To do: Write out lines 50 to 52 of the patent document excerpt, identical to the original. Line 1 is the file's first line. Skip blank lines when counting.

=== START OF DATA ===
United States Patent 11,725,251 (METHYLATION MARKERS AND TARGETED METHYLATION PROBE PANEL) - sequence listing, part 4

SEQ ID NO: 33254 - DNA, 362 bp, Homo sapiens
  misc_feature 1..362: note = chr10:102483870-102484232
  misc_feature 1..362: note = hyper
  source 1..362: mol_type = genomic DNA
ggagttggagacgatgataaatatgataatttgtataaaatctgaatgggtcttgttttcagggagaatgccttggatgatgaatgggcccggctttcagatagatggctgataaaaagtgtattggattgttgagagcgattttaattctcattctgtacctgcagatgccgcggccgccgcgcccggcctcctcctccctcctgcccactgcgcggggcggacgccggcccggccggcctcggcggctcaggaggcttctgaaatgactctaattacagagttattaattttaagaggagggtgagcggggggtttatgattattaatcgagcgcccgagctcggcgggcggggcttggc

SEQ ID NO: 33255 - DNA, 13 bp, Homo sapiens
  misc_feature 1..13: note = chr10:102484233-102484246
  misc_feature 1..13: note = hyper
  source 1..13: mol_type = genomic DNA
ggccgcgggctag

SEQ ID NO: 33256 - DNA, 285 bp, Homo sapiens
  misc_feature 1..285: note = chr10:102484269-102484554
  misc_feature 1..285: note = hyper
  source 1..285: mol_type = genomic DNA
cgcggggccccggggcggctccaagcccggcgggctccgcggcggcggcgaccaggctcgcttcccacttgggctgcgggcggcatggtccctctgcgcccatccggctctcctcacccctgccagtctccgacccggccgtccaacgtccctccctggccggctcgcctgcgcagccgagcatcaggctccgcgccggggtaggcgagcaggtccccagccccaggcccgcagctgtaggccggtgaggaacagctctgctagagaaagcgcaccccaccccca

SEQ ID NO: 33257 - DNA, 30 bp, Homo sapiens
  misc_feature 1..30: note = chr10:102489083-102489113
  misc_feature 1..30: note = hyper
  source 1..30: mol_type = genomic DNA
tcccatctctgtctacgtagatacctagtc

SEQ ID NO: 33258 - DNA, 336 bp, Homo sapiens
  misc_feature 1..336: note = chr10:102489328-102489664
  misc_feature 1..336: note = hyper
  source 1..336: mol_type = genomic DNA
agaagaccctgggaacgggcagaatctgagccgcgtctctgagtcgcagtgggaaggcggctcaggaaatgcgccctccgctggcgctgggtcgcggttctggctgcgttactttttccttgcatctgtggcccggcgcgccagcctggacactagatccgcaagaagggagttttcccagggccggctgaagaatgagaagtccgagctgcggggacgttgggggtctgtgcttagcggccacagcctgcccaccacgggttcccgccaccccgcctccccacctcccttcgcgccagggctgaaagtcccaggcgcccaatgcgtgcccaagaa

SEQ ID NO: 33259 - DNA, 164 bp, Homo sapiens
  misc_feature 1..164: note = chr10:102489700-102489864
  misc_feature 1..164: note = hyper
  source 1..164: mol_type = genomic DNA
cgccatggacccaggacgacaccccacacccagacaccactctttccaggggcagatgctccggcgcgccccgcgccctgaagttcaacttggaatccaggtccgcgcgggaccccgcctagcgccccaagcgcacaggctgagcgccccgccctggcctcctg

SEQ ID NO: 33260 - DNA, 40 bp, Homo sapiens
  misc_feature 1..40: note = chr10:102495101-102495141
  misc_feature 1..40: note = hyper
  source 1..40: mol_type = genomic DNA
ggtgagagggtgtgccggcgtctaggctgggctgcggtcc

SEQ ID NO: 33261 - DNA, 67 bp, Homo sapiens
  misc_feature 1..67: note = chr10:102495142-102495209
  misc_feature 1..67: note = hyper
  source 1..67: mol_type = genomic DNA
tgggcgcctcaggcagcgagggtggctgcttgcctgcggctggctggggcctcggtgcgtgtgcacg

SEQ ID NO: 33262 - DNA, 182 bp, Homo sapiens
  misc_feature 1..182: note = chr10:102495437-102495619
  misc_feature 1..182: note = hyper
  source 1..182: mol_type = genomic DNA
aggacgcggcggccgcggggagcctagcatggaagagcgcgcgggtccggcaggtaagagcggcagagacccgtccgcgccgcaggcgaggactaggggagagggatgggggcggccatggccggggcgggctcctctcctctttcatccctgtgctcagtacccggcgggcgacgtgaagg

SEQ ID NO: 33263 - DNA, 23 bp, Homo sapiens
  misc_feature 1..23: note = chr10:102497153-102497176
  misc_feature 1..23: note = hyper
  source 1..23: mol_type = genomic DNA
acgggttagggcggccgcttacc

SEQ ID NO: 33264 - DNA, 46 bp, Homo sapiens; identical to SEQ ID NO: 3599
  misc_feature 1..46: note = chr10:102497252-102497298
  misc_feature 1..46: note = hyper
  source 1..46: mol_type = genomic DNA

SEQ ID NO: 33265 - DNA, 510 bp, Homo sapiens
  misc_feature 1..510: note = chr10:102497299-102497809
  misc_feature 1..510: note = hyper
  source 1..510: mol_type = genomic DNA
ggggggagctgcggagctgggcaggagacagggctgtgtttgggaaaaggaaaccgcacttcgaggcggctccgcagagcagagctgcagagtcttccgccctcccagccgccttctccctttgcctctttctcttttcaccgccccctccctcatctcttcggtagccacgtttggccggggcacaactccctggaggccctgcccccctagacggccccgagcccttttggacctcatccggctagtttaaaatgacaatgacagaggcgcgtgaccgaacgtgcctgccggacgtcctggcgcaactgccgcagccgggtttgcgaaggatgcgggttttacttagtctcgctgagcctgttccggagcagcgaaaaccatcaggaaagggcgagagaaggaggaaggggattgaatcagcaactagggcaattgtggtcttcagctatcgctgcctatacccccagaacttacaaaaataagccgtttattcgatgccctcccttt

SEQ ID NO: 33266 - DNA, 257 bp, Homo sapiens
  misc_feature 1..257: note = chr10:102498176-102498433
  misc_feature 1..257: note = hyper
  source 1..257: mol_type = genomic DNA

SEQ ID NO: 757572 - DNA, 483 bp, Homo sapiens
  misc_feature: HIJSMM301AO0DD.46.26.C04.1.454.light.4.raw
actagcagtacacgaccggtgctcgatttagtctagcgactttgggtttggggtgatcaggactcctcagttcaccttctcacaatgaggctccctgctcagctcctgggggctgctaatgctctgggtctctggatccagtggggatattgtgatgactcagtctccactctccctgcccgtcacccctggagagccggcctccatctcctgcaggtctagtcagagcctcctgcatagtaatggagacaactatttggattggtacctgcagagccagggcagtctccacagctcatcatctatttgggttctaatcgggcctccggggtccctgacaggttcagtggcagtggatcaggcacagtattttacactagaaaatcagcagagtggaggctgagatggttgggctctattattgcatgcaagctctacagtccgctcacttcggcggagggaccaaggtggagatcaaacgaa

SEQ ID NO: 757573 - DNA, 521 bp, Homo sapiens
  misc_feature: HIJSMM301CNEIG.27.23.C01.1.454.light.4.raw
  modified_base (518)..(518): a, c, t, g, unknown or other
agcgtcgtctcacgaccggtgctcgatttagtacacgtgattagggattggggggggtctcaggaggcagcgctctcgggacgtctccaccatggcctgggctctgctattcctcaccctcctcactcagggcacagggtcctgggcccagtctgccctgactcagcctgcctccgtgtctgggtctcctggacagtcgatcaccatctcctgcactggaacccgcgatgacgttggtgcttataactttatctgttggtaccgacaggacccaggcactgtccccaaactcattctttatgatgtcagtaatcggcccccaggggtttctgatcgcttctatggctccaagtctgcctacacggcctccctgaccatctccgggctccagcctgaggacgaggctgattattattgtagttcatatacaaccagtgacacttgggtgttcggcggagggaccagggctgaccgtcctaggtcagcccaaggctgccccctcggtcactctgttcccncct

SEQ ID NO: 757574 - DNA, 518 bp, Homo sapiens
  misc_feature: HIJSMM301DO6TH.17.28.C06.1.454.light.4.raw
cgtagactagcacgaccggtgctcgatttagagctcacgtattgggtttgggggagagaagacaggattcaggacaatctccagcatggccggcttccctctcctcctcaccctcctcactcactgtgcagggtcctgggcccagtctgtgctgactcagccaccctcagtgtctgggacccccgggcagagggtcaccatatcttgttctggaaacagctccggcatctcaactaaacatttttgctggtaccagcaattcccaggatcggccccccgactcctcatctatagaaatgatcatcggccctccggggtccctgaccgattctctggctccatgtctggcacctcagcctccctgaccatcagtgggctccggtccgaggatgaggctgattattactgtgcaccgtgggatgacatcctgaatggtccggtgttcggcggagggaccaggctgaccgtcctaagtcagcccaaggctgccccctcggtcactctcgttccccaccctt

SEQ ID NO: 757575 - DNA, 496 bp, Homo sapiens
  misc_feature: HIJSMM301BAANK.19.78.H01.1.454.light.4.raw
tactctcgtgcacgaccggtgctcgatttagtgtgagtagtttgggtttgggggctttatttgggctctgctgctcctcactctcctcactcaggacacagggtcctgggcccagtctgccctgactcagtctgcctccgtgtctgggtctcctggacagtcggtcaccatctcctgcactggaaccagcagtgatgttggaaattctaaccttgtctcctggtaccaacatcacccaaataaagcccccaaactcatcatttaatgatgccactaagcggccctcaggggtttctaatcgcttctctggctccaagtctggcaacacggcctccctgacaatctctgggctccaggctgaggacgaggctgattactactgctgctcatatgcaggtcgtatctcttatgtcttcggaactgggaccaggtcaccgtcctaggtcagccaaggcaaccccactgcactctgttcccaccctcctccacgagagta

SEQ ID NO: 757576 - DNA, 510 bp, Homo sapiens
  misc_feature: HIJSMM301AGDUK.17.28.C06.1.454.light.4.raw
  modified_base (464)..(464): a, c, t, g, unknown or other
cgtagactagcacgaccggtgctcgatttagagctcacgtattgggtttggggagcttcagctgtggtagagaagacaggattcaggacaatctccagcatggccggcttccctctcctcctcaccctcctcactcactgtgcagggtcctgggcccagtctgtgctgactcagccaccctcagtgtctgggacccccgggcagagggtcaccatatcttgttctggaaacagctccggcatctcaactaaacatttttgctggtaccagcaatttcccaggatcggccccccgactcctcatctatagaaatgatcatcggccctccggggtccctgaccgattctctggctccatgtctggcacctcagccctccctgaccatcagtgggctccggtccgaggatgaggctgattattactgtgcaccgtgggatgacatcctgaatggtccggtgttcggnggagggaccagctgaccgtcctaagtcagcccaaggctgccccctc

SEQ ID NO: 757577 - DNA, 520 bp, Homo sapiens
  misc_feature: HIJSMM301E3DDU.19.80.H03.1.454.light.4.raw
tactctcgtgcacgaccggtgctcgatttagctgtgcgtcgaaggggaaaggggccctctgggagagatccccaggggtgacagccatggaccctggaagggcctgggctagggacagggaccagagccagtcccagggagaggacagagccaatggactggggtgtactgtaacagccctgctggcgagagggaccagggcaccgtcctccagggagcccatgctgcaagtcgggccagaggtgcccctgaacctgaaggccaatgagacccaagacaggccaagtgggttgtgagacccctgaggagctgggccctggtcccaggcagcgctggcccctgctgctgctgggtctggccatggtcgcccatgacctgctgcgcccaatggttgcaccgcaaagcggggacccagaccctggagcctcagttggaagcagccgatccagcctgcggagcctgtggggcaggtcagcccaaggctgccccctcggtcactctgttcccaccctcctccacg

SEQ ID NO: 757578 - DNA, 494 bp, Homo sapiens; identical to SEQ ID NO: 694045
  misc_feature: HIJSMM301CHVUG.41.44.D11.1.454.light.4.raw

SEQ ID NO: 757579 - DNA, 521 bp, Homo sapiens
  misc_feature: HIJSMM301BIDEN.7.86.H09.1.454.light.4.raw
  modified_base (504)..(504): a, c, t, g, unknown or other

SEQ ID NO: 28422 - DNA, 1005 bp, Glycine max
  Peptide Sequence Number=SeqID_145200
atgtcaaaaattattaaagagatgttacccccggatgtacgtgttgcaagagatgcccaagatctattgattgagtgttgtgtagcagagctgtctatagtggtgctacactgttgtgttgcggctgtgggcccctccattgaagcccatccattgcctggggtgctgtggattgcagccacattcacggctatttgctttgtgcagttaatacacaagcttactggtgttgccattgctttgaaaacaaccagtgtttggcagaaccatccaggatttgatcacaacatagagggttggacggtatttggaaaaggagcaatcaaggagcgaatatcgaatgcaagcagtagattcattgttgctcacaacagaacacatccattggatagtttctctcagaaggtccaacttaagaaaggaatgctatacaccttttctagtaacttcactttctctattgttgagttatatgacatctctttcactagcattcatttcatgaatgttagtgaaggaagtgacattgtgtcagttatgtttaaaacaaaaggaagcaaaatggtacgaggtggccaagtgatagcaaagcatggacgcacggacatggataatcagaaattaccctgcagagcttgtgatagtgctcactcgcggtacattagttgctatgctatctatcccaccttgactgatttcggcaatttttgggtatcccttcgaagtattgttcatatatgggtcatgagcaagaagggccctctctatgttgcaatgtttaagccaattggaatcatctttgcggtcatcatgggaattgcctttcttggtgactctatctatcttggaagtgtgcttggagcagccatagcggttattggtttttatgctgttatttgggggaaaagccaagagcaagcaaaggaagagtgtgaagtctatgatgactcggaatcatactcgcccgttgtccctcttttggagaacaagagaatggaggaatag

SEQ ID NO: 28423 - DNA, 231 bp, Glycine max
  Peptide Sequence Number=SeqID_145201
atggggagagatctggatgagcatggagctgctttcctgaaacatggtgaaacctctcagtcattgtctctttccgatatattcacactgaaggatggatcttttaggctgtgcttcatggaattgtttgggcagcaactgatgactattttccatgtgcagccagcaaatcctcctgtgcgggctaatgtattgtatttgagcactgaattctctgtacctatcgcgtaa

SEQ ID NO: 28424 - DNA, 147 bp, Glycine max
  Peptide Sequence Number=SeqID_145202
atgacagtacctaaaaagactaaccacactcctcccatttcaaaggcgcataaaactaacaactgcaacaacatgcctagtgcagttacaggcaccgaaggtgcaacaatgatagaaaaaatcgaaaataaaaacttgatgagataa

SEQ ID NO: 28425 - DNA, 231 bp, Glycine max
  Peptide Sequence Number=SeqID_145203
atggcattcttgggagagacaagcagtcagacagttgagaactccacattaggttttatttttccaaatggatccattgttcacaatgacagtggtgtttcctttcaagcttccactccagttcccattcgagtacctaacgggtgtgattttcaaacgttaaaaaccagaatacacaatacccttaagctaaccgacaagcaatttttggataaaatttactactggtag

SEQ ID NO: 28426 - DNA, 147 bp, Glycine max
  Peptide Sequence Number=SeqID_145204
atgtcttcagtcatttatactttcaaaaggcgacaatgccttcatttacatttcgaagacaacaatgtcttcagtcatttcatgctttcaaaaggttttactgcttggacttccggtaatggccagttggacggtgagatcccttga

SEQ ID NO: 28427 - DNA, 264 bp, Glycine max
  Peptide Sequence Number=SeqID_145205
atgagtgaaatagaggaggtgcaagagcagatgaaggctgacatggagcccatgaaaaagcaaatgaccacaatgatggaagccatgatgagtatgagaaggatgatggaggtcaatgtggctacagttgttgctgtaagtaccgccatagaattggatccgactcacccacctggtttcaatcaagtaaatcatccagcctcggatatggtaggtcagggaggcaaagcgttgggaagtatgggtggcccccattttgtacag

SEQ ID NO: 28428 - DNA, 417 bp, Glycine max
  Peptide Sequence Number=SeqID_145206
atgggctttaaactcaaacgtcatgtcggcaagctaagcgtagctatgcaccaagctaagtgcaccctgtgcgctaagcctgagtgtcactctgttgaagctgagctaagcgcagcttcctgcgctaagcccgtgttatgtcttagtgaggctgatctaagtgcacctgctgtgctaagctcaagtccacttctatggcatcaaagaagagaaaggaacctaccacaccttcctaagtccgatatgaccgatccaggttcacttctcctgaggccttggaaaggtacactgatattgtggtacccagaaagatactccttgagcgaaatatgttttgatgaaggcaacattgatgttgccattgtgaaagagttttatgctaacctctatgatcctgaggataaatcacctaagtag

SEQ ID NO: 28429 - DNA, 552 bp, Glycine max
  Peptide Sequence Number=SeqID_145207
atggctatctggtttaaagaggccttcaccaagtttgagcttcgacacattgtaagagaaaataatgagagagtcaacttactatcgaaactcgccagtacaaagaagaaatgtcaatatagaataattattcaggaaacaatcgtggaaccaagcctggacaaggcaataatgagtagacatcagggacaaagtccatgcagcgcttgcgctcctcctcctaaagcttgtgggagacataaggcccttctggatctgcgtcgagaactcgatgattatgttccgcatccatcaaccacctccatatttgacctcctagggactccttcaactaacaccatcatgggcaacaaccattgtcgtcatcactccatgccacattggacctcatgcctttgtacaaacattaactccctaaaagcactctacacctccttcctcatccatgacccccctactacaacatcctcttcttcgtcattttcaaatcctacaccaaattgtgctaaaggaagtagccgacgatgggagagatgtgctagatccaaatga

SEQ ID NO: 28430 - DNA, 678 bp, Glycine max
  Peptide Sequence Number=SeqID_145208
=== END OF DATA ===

  source 1..23: mol_type = genomic DNA
acgggttagggcggccgcttacc

SEQ ID NO: 33264 - DNA, 46 bp, Homo sapiens; identical to SEQ ID NO: 3599